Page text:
Besides, niacin’s beneficial effects became more evident when the Hong Kong study researchers excluded those already using statin therapy. If there is an overlapping effect of these two groups of lipid-lowering agents on endothelial function, this would make sense. Also, chronic statin use could lessen the effect of niacin on endothelial function and hence affect improvement in erectile function.
Researchers at Johns Hopkins University last year looked at 3,400 healthy Americans and found that men who were vitamin D deficient were 32% more likely to have trouble getting it up than those with sufficient levels, even after adjusting for other ED risk factors. In fact, the connection is so common, Walker says D levels are something he always checks in ED patients. Why? The sunshine vitamin is crucial for keeping the endothelial cells that line blood vessels healthy. Without enough of the stuff, blood flow is inhibited, affecting everything from your heart to your hard-on.
These medications don’t work for everyone but they are easy to use and work for around 60% of people who try them. They work by making it easier to get an erection by reducing the effect of (inhibiting) the chemical PDE-5. This chemical is used in the body to make sure there isn’t too much blood in the penis during an erection, but if you have erectile dysfunction then this chemical ends up over-compensating.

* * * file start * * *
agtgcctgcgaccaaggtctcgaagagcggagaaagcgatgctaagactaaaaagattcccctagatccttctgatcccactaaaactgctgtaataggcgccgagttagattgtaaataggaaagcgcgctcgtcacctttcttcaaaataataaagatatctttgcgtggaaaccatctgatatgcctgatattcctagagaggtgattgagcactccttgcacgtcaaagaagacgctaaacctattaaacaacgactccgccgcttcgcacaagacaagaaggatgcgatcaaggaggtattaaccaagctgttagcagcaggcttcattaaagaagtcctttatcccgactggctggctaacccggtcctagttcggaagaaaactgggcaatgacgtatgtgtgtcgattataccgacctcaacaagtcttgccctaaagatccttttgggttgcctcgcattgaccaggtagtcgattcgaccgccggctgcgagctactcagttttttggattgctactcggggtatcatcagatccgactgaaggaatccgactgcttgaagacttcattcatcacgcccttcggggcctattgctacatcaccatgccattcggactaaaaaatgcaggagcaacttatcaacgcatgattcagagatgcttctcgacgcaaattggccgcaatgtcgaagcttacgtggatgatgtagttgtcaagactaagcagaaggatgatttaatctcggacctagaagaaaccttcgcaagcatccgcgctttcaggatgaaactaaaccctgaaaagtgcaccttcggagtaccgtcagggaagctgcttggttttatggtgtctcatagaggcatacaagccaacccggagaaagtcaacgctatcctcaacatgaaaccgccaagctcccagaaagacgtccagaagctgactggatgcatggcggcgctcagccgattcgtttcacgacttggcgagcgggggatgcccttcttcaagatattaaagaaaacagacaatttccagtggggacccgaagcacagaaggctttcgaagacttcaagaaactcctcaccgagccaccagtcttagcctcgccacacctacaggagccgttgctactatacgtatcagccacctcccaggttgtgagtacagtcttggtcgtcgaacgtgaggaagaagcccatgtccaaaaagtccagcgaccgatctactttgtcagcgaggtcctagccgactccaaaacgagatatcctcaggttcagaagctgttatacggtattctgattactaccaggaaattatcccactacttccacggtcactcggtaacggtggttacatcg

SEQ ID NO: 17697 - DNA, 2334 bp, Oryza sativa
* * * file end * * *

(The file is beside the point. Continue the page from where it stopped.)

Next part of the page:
A 2000 study conducted at the Institute of Sexology in Paris found that muira puama, a Brazilian shrub traditionally used in South African folk medicine as an aphrodisiac, increased libido and erection strength in a majority of men who complained of impotence and a lack of sexual desire. Other studies show this happy-making herb also counteracts chronic stress, depression and nervous exhaustion.
The human body only contains 2 or 3 grams of zinc at any given time. Zinc is distributed throughout the body in organs, blood, and bones. It can be difficult to diagnose zinc deficiency. While a low blood zinc level does indicate a deficiency, a normal blood level does not necessarily indicate the absence of a deficiency. And examination of the hair for zinc or a zinc taste test (ZTT) may also be used for supportive evidence in the diagnosis of zinc deficiency.